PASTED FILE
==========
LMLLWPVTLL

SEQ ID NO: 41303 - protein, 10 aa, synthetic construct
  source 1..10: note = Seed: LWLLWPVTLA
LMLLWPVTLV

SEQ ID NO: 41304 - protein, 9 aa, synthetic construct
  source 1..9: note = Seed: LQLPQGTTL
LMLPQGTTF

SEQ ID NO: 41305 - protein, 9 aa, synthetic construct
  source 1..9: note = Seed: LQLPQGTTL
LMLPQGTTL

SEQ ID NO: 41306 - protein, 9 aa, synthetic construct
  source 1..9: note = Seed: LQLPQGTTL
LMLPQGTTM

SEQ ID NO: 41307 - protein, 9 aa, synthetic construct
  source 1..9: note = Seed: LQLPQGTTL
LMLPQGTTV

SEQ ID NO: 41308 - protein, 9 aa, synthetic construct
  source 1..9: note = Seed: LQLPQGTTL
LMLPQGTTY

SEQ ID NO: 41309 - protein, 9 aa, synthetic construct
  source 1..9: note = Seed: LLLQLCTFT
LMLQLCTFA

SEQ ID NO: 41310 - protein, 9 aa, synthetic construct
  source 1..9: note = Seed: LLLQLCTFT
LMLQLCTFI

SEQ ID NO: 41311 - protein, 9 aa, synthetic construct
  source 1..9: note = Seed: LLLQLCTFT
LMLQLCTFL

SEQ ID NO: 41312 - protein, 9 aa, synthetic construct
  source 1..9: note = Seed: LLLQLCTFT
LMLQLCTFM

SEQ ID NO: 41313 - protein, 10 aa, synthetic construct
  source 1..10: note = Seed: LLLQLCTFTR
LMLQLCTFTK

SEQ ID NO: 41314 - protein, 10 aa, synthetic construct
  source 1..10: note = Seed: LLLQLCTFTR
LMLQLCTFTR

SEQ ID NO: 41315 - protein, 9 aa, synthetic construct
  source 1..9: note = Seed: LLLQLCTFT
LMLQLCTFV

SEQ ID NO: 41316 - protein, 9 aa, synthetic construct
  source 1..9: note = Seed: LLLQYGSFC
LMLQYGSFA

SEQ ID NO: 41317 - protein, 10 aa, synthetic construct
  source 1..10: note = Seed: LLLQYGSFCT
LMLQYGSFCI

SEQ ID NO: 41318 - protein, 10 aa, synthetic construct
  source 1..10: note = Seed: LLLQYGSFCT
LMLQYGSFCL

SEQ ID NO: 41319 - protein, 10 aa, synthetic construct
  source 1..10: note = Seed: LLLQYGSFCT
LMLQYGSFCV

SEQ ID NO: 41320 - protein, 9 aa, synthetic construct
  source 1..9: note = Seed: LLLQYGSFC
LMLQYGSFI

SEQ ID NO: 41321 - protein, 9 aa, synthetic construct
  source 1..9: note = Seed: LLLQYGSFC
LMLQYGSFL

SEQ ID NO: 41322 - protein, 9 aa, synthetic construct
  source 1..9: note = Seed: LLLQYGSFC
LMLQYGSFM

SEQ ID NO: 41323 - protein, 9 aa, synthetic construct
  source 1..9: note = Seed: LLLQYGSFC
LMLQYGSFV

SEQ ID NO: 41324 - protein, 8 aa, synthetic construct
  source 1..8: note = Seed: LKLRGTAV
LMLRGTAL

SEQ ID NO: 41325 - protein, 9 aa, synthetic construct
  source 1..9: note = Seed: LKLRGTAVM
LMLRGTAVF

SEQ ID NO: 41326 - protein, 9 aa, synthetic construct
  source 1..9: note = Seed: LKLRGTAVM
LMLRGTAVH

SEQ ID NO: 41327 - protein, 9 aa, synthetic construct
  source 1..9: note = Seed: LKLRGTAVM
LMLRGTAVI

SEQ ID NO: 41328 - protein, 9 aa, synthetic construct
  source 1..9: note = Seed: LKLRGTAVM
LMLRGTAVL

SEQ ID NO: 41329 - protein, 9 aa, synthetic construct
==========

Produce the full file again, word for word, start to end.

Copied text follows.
LMLLWPVTLL

SEQ ID NO: 41303 - protein, 10 aa, synthetic construct
  source 1..10: note = Seed: LWLLWPVTLA
LMLLWPVTLV

SEQ ID NO: 41304 - protein, 9 aa, synthetic construct
  source 1..9: note = Seed: LQLPQGTTL
LMLPQGTTF

SEQ ID NO: 41305 - protein, 9 aa, synthetic construct
  source 1..9: note = Seed: LQLPQGTTL
LMLPQGTTL

SEQ ID NO: 41306 - protein, 9 aa, synthetic construct
  source 1..9: note = Seed: LQLPQGTTL
LMLPQGTTM

SEQ ID NO: 41307 - protein, 9 aa, synthetic construct
  source 1..9: note = Seed: LQLPQGTTL
LMLPQGTTV

SEQ ID NO: 41308 - protein, 9 aa, synthetic construct
  source 1..9: note = Seed: LQLPQGTTL
LMLPQGTTY

SEQ ID NO: 41309 - protein, 9 aa, synthetic construct
  source 1..9: note = Seed: LLLQLCTFT
LMLQLCTFA

SEQ ID NO: 41310 - protein, 9 aa, synthetic construct
  source 1..9: note = Seed: LLLQLCTFT
LMLQLCTFI

SEQ ID NO: 41311 - protein, 9 aa, synthetic construct
  source 1..9: note = Seed: LLLQLCTFT
LMLQLCTFL

SEQ ID NO: 41312 - protein, 9 aa, synthetic construct
  source 1..9: note = Seed: LLLQLCTFT
LMLQLCTFM

SEQ ID NO: 41313 - protein, 10 aa, synthetic construct
  source 1..10: note = Seed: LLLQLCTFTR
LMLQLCTFTK

SEQ ID NO: 41314 - protein, 10 aa, synthetic construct
  source 1..10: note = Seed: LLLQLCTFTR
LMLQLCTFTR

SEQ ID NO: 41315 - protein, 9 aa, synthetic construct
  source 1..9: note = Seed: LLLQLCTFT
LMLQLCTFV

SEQ ID NO: 41316 - protein, 9 aa, synthetic construct
  source 1..9: note = Seed: LLLQYGSFC
LMLQYGSFA

SEQ ID NO: 41317 - protein, 10 aa, synthetic construct
  source 1..10: note = Seed: LLLQYGSFCT
LMLQYGSFCI

SEQ ID NO: 41318 - protein, 10 aa, synthetic construct
  source 1..10: note = Seed: LLLQYGSFCT
LMLQYGSFCL

SEQ ID NO: 41319 - protein, 10 aa, synthetic construct
  source 1..10: note = Seed: LLLQYGSFCT
LMLQYGSFCV

SEQ ID NO: 41320 - protein, 9 aa, synthetic construct
  source 1..9: note = Seed: LLLQYGSFC
LMLQYGSFI

SEQ ID NO: 41321 - protein, 9 aa, synthetic construct
  source 1..9: note = Seed: LLLQYGSFC
LMLQYGSFL

SEQ ID NO: 41322 - protein, 9 aa, synthetic construct
  source 1..9: note = Seed: LLLQYGSFC
LMLQYGSFM

SEQ ID NO: 41323 - protein, 9 aa, synthetic construct
  source 1..9: note = Seed: LLLQYGSFC
LMLQYGSFV

SEQ ID NO: 41324 - protein, 8 aa, synthetic construct
  source 1..8: note = Seed: LKLRGTAV
LMLRGTAL

SEQ ID NO: 41325 - protein, 9 aa, synthetic construct
  source 1..9: note = Seed: LKLRGTAVM
LMLRGTAVF

SEQ ID NO: 41326 - protein, 9 aa, synthetic construct
  source 1..9: note = Seed: LKLRGTAVM
LMLRGTAVH

SEQ ID NO: 41327 - protein, 9 aa, synthetic construct
  source 1..9: note = Seed: LKLRGTAVM
LMLRGTAVI

SEQ ID NO: 41328 - protein, 9 aa, synthetic construct
  source 1..9: note = Seed: LKLRGTAVM
LMLRGTAVL

SEQ ID NO: 41329 - protein, 9 aa, synthetic construct